Rhythm + Noise + Speed of Car is a 1913 painting by Futurist artist Giacomo Balla. Part of a vibrant pre-WWI experimental art culture, the Italian Futurists were enamored with energy, power, and modern technology. Many of them were pro-war fascists, and although this is likely the case for Balla as well, his work does not focus on themes of war or violence. In some of his paintings, including this one, Balla attempts to depict sound and speed through visual means. The hectic lines and dark colors depict the loud noise and fast pace of the city street, a typically Futurist subject matter.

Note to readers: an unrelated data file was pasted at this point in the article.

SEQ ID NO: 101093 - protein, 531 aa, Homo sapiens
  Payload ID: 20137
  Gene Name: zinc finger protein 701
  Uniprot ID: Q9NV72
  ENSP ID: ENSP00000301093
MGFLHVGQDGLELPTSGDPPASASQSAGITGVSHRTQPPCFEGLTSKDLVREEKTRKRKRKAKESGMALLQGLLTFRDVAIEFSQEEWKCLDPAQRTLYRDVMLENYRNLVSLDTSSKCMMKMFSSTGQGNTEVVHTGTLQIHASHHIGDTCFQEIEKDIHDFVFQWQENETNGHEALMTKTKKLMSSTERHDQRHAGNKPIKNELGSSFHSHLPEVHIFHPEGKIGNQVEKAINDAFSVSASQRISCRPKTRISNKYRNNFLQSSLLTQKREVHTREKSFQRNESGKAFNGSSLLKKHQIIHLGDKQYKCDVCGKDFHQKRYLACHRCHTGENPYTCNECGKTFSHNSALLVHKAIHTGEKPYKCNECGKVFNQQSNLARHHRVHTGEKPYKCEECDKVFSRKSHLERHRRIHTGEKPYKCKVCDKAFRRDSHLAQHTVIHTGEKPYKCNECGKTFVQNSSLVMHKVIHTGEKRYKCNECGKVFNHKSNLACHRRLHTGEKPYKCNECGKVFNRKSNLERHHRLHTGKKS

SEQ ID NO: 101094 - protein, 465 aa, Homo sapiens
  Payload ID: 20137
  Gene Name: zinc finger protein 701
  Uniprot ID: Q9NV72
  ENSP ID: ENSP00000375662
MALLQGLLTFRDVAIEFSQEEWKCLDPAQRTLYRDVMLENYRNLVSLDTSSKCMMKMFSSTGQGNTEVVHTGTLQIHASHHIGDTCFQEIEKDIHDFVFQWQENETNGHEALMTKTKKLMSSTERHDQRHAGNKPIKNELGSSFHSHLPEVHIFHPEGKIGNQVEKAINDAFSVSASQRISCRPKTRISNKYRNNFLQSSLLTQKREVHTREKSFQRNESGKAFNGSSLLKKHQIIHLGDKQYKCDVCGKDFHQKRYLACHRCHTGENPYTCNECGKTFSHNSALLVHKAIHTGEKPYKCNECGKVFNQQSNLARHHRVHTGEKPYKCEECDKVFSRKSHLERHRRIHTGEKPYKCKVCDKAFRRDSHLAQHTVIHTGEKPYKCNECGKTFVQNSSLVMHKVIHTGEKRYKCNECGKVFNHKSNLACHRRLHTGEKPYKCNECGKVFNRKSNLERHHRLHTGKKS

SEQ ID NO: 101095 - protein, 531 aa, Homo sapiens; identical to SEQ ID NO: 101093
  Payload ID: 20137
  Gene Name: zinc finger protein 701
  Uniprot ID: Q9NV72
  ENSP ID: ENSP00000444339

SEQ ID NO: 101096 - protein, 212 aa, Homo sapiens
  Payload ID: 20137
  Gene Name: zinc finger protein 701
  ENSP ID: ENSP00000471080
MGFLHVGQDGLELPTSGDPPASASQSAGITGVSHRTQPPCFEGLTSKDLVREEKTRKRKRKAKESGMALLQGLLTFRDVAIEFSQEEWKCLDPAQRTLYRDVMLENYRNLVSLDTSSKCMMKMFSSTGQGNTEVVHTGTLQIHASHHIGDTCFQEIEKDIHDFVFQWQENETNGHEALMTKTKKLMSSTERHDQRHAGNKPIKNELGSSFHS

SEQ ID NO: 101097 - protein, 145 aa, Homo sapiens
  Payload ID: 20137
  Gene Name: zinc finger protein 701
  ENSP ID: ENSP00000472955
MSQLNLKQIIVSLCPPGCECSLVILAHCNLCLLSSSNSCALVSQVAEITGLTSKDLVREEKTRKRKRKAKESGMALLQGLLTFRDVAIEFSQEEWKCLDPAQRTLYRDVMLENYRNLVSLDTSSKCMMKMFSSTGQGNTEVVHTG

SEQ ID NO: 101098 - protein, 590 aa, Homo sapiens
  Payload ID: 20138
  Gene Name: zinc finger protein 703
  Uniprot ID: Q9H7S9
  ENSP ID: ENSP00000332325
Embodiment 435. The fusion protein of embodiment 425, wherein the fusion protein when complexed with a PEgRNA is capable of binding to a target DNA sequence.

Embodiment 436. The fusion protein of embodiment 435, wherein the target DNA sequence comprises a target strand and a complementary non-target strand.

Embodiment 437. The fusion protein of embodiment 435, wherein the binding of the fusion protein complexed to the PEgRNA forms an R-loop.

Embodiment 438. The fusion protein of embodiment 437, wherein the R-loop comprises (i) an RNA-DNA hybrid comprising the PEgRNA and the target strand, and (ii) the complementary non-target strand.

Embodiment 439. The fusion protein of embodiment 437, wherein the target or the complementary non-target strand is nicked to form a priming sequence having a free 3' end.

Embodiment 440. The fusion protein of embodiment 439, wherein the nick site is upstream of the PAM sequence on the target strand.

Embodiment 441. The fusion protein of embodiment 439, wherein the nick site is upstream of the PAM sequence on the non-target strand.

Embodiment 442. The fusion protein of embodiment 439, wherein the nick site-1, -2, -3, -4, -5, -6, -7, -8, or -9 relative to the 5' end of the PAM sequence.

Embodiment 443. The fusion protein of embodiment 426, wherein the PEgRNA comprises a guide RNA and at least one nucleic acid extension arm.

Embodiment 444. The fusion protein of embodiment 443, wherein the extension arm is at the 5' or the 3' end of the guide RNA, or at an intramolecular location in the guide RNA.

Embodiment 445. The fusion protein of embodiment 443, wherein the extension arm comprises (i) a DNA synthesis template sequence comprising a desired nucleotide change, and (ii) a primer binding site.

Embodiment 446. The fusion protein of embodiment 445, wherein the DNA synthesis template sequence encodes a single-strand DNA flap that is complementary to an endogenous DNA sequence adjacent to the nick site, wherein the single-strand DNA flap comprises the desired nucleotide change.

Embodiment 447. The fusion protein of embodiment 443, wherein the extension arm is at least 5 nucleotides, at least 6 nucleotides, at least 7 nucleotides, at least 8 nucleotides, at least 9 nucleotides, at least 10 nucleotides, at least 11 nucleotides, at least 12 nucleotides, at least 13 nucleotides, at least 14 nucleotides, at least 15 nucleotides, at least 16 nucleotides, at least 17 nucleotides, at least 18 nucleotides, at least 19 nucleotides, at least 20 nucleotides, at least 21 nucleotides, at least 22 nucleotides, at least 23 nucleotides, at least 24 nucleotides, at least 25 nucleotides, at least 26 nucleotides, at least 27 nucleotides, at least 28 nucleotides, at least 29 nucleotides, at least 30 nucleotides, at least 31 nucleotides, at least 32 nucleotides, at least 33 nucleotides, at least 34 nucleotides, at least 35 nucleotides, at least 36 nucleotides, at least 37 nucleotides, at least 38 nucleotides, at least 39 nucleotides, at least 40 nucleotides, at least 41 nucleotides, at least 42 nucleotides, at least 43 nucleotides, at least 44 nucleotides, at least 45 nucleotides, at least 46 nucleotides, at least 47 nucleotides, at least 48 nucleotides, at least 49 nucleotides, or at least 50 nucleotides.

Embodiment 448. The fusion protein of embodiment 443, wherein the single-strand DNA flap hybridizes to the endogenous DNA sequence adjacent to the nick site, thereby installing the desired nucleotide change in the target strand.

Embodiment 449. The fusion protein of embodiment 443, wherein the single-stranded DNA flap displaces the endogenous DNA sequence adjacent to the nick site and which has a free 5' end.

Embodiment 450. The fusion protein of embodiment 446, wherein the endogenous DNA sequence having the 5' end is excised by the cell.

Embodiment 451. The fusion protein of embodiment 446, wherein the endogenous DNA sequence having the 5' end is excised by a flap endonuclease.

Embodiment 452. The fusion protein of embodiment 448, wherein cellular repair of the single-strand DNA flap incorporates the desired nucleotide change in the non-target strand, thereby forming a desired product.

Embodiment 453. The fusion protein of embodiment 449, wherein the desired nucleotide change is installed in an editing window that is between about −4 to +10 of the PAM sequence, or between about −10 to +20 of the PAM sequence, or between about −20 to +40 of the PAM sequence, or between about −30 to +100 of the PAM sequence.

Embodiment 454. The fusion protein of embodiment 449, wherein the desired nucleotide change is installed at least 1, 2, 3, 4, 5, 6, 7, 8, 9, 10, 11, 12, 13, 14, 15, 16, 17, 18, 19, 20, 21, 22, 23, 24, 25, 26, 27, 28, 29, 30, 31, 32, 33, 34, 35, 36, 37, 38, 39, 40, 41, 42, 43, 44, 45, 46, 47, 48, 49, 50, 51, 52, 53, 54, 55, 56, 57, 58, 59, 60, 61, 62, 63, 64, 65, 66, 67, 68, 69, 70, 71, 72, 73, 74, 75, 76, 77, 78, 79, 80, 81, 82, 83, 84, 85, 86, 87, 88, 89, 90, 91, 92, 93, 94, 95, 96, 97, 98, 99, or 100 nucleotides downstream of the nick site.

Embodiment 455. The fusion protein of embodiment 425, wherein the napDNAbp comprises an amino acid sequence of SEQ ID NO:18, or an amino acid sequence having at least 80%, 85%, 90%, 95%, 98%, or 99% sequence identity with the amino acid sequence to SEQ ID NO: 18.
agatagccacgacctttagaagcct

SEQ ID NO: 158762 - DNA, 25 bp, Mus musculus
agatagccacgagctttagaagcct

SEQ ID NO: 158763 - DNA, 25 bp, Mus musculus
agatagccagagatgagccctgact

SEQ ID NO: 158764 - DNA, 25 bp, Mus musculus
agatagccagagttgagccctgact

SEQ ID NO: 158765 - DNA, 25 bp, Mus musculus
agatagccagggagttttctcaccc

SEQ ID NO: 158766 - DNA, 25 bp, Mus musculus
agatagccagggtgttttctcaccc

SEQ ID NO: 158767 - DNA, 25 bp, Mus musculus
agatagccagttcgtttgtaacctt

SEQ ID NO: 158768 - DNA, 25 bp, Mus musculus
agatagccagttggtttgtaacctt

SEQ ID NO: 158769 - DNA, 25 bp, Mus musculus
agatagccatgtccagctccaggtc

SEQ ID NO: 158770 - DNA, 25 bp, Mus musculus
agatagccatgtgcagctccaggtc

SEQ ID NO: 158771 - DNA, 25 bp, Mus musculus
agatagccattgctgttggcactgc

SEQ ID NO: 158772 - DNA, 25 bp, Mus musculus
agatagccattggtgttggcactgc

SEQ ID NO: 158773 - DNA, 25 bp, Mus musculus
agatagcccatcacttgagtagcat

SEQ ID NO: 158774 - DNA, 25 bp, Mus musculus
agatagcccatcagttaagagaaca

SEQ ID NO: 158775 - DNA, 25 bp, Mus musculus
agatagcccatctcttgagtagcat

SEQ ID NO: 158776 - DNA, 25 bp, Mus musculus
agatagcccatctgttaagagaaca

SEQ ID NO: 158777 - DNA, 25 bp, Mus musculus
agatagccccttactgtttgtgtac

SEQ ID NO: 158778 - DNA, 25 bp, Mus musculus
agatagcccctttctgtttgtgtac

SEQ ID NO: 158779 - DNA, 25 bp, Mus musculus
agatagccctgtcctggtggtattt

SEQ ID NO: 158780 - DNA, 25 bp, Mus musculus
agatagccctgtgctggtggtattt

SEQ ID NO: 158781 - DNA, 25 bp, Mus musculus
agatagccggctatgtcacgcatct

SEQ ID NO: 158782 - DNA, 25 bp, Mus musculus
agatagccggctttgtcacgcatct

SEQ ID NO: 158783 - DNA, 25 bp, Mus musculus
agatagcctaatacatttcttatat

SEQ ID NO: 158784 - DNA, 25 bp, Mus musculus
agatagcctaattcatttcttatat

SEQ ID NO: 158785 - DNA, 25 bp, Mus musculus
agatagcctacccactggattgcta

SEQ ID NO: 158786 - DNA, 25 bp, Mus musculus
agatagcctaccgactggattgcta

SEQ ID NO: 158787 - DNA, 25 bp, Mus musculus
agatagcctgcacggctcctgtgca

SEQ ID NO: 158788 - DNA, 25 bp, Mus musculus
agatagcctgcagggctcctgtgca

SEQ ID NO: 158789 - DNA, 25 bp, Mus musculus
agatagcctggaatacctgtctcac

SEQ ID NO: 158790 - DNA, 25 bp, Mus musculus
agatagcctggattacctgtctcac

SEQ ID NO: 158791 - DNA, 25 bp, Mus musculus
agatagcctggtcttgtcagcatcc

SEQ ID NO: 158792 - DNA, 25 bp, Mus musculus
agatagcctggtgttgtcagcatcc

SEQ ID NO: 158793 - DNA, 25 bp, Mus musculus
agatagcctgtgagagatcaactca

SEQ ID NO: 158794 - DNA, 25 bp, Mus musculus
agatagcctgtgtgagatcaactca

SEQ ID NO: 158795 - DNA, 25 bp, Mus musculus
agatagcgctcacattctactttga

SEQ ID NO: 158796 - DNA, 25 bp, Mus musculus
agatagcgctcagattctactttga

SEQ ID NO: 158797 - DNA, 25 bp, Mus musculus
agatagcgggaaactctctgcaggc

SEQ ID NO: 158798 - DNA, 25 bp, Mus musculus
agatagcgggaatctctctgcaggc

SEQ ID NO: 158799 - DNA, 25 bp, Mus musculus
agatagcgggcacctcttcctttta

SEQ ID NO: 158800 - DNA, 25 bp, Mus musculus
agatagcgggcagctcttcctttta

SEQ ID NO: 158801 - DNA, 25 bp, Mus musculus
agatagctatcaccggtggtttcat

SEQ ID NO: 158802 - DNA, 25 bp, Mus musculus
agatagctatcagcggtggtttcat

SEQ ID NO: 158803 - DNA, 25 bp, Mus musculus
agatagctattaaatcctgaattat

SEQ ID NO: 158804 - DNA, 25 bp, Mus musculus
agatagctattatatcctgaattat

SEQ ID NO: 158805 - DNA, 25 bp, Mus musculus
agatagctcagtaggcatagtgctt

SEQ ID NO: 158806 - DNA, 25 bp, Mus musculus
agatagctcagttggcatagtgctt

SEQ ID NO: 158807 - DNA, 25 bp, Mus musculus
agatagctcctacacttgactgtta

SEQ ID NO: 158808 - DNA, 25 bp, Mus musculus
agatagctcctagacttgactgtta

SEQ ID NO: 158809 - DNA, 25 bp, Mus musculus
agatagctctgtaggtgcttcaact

Scholar of visual culture W. J. T. Mitchell argues that there is no such thing as “visual media.” Upon further examination, all artworks turn out to be mixed media, if for no other reason than that they function as part of a complex sensory environment in the gallery space and in the real world. Rhythm + Noise + Speed of Car is a perfect example of a “visual medium” like painting that is engaging with and depicting a non-visual sense (in this case, sound).
Mitchell, W.J.T. “There Are No Visual Media.” MediaArtHistories, edited by Oliver Grau. Cambridge: MIT Press, 2007. 395-406.